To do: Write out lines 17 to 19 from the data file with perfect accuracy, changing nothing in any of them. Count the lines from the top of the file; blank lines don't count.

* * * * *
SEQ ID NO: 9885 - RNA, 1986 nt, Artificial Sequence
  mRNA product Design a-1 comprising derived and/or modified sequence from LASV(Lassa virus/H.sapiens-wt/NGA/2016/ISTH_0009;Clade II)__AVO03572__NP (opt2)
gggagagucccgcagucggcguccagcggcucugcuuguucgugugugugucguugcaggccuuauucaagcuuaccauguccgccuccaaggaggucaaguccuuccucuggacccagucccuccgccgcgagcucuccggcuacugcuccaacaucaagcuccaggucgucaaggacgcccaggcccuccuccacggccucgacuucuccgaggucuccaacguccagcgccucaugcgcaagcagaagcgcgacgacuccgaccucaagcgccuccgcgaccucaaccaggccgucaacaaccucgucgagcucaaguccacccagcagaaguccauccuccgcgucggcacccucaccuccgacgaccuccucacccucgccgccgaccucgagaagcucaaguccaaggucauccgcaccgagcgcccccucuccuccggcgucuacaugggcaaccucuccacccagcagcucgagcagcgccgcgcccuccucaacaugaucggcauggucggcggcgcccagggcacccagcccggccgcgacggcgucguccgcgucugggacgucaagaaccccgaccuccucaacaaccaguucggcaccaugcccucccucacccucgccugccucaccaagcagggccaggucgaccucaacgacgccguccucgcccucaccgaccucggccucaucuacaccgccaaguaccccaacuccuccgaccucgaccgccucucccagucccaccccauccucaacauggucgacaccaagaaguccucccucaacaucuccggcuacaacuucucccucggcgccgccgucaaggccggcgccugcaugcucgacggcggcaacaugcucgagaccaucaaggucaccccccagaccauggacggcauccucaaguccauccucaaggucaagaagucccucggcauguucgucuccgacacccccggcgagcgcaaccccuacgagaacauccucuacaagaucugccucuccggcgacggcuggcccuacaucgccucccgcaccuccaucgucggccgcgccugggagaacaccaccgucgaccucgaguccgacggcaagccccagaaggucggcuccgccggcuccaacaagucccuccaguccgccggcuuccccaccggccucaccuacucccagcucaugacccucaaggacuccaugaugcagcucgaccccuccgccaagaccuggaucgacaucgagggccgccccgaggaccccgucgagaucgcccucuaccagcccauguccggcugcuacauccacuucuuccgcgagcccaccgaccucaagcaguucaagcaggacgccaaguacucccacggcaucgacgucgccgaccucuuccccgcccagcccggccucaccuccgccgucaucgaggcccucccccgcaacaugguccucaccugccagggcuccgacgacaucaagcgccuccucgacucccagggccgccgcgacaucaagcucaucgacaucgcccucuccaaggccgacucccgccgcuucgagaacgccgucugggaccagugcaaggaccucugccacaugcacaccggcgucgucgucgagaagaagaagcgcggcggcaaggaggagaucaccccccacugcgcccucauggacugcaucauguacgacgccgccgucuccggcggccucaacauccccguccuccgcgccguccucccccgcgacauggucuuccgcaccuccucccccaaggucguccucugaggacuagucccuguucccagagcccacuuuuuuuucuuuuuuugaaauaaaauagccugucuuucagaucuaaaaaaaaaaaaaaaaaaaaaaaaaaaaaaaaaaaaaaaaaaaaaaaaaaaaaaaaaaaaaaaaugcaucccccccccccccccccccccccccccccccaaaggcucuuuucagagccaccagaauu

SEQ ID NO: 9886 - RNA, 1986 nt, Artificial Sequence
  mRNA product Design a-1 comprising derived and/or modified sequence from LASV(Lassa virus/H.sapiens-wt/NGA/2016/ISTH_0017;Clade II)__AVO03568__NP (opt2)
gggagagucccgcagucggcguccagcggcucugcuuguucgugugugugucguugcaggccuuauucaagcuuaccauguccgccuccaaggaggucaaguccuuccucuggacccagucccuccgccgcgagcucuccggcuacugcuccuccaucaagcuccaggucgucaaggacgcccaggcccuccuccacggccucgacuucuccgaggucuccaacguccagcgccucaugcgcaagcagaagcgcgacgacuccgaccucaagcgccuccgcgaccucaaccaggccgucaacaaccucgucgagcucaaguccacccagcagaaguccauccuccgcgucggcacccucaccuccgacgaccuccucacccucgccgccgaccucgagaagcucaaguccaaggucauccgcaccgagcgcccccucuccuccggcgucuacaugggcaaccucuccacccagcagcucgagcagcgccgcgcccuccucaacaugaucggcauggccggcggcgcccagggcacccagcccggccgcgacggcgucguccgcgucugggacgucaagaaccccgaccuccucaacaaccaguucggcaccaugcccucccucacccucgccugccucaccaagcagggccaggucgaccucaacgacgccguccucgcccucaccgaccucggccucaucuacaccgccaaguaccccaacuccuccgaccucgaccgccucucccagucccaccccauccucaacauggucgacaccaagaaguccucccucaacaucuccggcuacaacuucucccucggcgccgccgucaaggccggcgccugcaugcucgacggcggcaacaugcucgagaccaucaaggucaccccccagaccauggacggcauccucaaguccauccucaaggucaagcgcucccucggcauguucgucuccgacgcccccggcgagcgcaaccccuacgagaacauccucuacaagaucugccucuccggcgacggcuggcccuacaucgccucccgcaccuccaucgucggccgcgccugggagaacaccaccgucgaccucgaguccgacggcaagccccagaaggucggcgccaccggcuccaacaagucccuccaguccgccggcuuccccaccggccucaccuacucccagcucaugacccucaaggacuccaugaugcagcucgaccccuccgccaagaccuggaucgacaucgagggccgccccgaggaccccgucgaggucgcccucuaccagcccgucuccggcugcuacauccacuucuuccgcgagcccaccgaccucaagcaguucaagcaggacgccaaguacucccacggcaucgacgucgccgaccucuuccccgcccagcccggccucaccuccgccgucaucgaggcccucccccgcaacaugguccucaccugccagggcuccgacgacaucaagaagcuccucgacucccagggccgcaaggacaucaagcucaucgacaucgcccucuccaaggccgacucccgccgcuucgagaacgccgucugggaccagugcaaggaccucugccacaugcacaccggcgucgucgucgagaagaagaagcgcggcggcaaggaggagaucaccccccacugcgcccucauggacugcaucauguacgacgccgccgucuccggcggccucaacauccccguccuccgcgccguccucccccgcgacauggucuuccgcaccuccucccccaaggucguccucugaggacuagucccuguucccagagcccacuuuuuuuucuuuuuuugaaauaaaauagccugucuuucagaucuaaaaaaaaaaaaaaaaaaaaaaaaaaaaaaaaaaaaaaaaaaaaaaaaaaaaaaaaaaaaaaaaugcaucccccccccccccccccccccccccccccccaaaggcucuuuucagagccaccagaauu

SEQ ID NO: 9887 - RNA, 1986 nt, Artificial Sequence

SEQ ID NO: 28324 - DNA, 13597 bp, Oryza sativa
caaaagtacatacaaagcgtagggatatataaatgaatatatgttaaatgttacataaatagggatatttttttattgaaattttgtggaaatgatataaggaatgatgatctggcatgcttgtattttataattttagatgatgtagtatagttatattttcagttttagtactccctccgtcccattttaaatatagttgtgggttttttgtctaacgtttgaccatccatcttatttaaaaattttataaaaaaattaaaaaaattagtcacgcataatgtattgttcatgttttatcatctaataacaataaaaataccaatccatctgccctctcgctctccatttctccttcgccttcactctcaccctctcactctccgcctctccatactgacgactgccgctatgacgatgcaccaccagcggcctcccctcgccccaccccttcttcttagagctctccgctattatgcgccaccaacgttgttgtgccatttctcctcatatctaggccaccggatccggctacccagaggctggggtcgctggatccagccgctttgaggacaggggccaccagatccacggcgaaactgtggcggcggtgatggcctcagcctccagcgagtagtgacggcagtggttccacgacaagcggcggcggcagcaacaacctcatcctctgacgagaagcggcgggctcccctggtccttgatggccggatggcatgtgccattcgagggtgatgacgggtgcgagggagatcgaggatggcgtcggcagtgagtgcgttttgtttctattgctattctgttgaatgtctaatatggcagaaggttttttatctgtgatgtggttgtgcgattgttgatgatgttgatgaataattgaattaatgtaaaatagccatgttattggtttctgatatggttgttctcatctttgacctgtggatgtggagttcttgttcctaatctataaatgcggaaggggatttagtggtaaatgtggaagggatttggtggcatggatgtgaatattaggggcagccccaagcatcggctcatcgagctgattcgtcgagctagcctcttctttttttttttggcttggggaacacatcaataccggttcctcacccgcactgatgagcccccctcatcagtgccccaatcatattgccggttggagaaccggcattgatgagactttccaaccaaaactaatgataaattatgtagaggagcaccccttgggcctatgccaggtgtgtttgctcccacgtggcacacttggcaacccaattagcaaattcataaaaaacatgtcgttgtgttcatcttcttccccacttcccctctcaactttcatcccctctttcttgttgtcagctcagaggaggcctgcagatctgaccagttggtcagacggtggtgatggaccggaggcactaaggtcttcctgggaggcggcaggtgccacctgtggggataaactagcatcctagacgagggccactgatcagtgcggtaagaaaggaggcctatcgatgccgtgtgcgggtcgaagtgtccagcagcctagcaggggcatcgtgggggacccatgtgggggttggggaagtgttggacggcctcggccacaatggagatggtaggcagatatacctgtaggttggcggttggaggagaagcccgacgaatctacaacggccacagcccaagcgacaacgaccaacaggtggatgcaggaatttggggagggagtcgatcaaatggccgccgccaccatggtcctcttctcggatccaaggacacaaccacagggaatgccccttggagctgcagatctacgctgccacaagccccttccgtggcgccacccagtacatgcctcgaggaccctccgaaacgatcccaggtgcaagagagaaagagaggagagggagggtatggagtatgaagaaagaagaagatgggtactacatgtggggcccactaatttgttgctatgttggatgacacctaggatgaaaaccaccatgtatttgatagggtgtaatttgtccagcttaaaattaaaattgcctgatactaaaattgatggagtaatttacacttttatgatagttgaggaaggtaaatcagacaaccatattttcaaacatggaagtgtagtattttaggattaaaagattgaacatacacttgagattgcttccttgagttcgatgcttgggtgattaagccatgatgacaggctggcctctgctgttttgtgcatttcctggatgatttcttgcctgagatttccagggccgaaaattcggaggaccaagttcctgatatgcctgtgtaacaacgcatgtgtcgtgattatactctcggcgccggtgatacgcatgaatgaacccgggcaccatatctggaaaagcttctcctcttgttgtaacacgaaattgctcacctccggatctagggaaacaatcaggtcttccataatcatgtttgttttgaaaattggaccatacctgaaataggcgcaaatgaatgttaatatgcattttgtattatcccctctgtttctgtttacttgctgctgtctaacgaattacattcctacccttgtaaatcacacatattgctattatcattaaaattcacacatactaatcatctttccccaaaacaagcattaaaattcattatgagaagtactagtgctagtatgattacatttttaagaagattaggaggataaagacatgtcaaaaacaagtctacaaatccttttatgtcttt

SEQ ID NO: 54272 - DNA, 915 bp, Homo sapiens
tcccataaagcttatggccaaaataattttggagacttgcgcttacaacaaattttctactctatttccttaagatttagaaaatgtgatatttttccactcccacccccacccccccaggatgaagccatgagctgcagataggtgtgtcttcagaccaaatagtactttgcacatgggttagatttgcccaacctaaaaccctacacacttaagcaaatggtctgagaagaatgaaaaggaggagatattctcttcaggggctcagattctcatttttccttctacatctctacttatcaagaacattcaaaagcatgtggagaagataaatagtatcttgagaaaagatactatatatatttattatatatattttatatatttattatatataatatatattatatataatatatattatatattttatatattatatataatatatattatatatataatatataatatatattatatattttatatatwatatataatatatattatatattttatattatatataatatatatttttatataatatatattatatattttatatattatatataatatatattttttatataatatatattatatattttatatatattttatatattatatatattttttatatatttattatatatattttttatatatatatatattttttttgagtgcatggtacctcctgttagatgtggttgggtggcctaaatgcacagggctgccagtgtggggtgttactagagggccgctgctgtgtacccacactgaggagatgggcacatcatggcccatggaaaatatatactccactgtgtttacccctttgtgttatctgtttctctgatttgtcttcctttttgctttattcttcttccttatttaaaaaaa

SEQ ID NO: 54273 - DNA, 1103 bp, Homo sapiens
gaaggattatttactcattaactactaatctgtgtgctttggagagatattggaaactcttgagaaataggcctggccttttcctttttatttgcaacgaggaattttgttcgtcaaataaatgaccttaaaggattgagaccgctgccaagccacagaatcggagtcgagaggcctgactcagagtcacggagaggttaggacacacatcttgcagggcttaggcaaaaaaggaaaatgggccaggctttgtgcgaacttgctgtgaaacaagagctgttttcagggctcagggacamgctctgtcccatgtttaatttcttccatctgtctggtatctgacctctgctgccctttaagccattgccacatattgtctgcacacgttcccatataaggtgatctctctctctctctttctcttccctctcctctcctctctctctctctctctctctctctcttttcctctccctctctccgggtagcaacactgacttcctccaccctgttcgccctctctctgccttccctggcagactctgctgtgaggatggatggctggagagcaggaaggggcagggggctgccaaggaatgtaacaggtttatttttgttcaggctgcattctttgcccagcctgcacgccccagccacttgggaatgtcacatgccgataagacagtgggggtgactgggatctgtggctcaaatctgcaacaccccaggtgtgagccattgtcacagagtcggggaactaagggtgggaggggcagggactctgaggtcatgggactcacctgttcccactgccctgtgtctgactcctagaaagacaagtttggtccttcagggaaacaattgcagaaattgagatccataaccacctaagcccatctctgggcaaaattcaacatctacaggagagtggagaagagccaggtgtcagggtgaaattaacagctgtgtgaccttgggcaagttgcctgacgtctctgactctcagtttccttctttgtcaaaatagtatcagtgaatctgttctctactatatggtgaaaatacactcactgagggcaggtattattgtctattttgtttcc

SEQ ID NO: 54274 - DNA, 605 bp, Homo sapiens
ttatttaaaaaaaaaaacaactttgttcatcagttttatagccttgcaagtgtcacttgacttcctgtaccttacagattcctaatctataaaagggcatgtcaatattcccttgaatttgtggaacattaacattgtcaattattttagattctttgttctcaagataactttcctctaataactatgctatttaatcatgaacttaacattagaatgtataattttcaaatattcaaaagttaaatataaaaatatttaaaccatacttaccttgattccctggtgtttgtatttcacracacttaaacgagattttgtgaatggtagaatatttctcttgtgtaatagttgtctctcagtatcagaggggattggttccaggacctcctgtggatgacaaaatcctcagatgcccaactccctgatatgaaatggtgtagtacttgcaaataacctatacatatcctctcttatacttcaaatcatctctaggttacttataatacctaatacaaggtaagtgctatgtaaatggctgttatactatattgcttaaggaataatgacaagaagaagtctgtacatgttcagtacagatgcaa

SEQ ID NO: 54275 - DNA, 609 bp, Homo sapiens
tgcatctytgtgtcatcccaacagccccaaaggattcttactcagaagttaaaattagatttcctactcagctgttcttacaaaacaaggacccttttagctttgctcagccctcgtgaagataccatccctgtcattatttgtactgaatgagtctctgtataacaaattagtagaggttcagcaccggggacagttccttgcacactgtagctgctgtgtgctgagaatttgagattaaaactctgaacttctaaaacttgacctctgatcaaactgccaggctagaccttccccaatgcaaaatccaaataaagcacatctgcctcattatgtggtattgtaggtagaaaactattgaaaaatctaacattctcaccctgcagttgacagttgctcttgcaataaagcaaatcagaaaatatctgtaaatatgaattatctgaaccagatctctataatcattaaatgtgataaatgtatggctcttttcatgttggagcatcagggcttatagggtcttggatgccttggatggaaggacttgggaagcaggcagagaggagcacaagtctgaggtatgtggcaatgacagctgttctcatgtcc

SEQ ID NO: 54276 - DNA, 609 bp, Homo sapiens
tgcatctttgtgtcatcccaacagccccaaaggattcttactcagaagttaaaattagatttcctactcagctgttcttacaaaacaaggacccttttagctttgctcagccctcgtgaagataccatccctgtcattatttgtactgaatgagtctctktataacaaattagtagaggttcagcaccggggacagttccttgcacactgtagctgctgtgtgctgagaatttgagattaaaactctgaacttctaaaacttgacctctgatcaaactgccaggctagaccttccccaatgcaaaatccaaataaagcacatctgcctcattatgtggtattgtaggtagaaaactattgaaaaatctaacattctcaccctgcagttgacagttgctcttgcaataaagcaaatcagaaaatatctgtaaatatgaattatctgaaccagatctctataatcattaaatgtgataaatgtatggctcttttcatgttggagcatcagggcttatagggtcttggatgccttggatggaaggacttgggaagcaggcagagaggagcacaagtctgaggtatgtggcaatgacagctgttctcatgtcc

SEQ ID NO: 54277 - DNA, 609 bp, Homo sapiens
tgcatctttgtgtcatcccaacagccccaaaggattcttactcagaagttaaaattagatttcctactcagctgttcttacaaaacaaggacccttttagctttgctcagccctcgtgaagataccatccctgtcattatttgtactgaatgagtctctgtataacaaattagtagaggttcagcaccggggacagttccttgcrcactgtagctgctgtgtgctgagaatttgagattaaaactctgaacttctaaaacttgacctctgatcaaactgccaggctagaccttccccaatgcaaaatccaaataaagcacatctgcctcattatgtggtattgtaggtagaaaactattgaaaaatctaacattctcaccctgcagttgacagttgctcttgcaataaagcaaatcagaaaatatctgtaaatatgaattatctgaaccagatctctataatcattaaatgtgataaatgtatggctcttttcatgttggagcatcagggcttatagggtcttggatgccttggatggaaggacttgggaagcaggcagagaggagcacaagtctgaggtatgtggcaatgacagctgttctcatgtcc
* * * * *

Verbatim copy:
tgcatctytgtgtcatcccaacagccccaaaggattcttactcagaagttaaaattagatttcctactcagctgttcttacaaaacaaggacccttttagctttgctcagccctcgtgaagataccatccctgtcattatttgtactgaatgagtctctgtataacaaattagtagaggttcagcaccggggacagttccttgcacactgtagctgctgtgtgctgagaatttgagattaaaactctgaacttctaaaacttgacctctgatcaaactgccaggctagaccttccccaatgcaaaatccaaataaagcacatctgcctcattatgtggtattgtaggtagaaaactattgaaaaatctaacattctcaccctgcagttgacagttgctcttgcaataaagcaaatcagaaaatatctgtaaatatgaattatctgaaccagatctctataatcattaaatgtgataaatgtatggctcttttcatgttggagcatcagggcttatagggtcttggatgccttggatggaaggacttgggaagcaggcagagaggagcacaagtctgaggtatgtggcaatgacagctgttctcatgtcc

SEQ ID NO: 54276 - DNA, 609 bp, Homo sapiens
tgcatctttgtgtcatcccaacagccccaaaggattcttactcagaagttaaaattagatttcctactcagctgttcttacaaaacaaggacccttttagctttgctcagccctcgtgaagataccatccctgtcattatttgtactgaatgagtctctktataacaaattagtagaggttcagcaccggggacagttccttgcacactgtagctgctgtgtgctgagaatttgagattaaaactctgaacttctaaaacttgacctctgatcaaactgccaggctagaccttccccaatgcaaaatccaaataaagcacatctgcctcattatgtggtattgtaggtagaaaactattgaaaaatctaacattctcaccctgcagttgacagttgctcttgcaataaagcaaatcagaaaatatctgtaaatatgaattatctgaaccagatctctataatcattaaatgtgataaatgtatggctcttttcatgttggagcatcagggcttatagggtcttggatgccttggatggaaggacttgggaagcaggcagagaggagcacaagtctgaggtatgtggcaatgacagctgttctcatgtcc